Most strokes (ischemic) result from blood clots moving to a brain artery and blocking blood flow to that area. For these medical events, thrombolytics can be used to help break down the clot rapidly. Giving these drugs within the recommended time frame following the emergence of initial stroke symptoms can help limit damage and disability. The decision to administer the medication is based on the following:

  • A brain CT scan to ensure bleeding wasn’t present
  • A physical exam that reveals a significant stroke has occurred
  • The patient’s medical history

Also, a clot-dissolving drug isn’t typically administered if the patient has one or more of the aforementioned medical issues. Also, thrombolytics should not be given to a stroke patient experiencing brain hemorrhage because increased bleeding could worsen the stroke.

Risks

Bleeding is the most common risk and can be life-threatening. Minor bleeding from the gums or nose occurs in some individuals who receive tPA. Bleeding in the brain is relatively rare but can be severe and lethal.

If thrombolytics are deemed too dangerous, other potential treatments for clots causing a stroke include thrombectomy (clot removal), or carotid angioplasty, a procedure that opens clogged arteries that supply blood to the brain.

Establishing a Medical Malpractice Claim for tPA Treatment

Medical malpractice occurs when a healthcare provider fails to perform up to an established standard of care or the level of care that another healthcare professional would offer under similar circumstances.

Four main elements must be present to prove that medical malpractice occurred, which include the following:

  • Duty of care: There must be an established patient-doctor relationship in which the healthcare provider owed the patient a duty of care.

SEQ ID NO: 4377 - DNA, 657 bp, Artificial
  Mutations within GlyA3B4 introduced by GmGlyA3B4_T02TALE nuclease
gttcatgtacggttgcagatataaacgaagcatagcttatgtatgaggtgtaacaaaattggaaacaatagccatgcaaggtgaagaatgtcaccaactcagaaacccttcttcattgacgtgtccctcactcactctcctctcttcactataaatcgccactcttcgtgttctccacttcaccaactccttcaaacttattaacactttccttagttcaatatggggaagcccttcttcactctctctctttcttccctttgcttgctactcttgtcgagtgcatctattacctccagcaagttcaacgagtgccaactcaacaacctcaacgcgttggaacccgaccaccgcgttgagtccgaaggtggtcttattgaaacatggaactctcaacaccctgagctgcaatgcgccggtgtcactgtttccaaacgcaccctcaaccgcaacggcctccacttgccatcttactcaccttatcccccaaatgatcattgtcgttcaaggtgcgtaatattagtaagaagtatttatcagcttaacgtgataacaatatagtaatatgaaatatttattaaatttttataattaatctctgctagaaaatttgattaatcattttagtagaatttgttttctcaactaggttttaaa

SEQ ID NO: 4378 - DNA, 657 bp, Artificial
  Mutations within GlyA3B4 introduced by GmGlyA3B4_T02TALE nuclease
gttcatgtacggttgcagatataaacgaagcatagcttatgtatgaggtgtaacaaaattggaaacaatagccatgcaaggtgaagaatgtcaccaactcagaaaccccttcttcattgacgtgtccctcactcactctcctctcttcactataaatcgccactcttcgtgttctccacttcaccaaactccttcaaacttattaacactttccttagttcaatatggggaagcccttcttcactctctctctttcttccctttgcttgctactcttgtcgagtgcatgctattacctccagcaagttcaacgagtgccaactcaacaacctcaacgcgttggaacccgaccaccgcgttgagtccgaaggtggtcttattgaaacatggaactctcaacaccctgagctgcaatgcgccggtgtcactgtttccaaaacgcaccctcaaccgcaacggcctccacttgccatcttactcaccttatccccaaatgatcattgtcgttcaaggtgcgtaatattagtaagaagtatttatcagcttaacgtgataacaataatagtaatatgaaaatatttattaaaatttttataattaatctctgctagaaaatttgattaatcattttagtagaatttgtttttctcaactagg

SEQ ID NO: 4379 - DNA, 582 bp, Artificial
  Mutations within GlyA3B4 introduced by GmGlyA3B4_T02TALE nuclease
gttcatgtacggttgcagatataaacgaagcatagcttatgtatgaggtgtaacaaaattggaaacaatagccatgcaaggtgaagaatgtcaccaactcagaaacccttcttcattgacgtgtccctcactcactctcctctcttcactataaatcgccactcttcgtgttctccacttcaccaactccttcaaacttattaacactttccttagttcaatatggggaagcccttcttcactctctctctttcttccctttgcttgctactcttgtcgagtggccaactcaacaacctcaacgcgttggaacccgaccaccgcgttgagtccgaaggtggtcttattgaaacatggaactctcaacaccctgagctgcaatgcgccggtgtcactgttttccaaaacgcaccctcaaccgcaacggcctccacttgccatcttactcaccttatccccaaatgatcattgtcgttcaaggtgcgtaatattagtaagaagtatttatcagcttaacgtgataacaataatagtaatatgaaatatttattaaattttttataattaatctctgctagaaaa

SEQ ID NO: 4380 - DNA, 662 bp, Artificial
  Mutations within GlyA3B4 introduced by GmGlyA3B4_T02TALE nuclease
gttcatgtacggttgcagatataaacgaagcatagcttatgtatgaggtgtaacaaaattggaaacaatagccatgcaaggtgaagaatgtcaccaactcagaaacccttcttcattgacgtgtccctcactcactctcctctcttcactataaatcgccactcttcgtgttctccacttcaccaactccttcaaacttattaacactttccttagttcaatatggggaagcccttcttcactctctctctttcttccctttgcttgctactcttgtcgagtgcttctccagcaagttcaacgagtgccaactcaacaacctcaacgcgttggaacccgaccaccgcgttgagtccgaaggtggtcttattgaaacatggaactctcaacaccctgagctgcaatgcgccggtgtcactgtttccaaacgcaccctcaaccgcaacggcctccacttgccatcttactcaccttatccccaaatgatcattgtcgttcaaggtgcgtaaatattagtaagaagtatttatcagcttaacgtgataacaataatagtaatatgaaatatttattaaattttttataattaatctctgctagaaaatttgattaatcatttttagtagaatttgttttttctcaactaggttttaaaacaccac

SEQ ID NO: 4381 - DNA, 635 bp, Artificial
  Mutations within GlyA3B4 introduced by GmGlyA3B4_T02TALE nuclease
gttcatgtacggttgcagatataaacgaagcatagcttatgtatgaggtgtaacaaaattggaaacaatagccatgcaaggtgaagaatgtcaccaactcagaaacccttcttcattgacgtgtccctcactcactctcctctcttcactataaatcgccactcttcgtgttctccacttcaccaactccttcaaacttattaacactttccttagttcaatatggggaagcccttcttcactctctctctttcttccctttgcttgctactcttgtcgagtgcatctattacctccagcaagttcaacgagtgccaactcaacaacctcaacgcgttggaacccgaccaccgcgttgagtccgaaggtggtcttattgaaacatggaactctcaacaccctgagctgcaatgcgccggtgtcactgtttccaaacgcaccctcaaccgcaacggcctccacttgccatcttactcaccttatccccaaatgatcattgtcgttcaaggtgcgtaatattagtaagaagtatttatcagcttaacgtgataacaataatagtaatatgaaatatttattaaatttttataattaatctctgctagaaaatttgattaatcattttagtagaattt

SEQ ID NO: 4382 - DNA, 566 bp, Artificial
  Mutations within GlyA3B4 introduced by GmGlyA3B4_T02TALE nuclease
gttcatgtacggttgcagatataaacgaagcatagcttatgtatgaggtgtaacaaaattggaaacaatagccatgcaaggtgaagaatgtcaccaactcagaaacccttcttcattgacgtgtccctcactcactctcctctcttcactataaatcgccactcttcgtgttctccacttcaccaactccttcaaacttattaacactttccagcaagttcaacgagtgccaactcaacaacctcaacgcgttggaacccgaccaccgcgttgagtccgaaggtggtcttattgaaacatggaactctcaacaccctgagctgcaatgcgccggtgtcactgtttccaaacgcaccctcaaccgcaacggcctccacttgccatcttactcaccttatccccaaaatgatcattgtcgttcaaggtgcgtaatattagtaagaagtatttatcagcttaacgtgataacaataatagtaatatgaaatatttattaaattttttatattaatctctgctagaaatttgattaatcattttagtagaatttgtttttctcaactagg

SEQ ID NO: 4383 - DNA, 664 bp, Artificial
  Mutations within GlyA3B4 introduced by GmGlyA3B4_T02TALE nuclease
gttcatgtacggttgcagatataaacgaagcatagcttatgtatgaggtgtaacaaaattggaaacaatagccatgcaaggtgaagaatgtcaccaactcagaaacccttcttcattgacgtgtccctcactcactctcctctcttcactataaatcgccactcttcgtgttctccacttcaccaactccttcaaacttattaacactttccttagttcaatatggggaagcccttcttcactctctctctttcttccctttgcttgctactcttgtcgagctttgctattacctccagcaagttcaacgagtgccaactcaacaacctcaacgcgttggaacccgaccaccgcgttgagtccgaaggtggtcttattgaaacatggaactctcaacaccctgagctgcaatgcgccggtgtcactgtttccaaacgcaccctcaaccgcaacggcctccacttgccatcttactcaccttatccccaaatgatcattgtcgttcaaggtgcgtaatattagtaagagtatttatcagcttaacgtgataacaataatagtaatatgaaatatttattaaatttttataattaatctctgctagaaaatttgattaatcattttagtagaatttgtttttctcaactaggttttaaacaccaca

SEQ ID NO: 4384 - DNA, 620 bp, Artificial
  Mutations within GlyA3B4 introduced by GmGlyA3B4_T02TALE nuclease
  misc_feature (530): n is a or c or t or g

• Negligence: The claimant must prove the healthcare provider was negligent and violated their duty.
  • Causation: The claimant must demonstrate that the healthcare provider’s negligence caused their injuries.
  • Losses: Damages represent the compensatory losses the victim suffered because of medical malpractice. 

Economic Damages

Economic damages cover the quantifiable expenses that medical malpractice causes. Although there may be some guesswork involved, such as when it comes to future medical expenses, these damages are typically more precise than non-economic damages and may include the following:

  • Medical expenses, such as emergency care, hospitalization, doctor’s visits, surgeries, therapies, etc.
  • Lost past and future income, diminished earning capacity
  • Costs of at-home care or assisted living

Non-Economic Damages

Non-economic damages refer to intangible losses related to the victim’s quality of life and, therefore, cannot be calculated using bills and receipts. The most common examples include the following:

  • Loss of life enjoyment
  • Physical pain and suffering
  • Emotional anguish
  • Loss of companionship
  • Permanent disability
  • Scarring and disfigurement

Each case is unique, so there are no set rules regarding how the exact amount of damages is determined. However, the patient, their loved ones, and experts can provide evidence about their pain and suffering, loss of life enjoyment, etc., to arrive at a dollar value. 

There is a cap or maximum amount for non-economic damages in Maryland that increases by $15,000 each year. For personal injury claims (including medical malpractice) that arise after October 1, 2021, that amount is $905,000.

Have You or a Loved One Suffered From Medical Malpractice After a Stroke? Contact Us Today

Strokes are serious medical events that require prompt and accurate treatment, and sometimes that may include administering tPA. But, as we have noted, tPA is not appropriate for all strokes. If you suffered a stroke and your physician either did not administer the proper treatment or administered a treatment incorrectly, our Baltimore medical malpractice attorneys can determine whether you have a case. You may be entitled to significant compensation for medical bills, lost wages, and more. 

Call us today for a free consultation so that we can review your situation and advise you on your legal options and how you might be able to recover full compensation for your injuries and losses.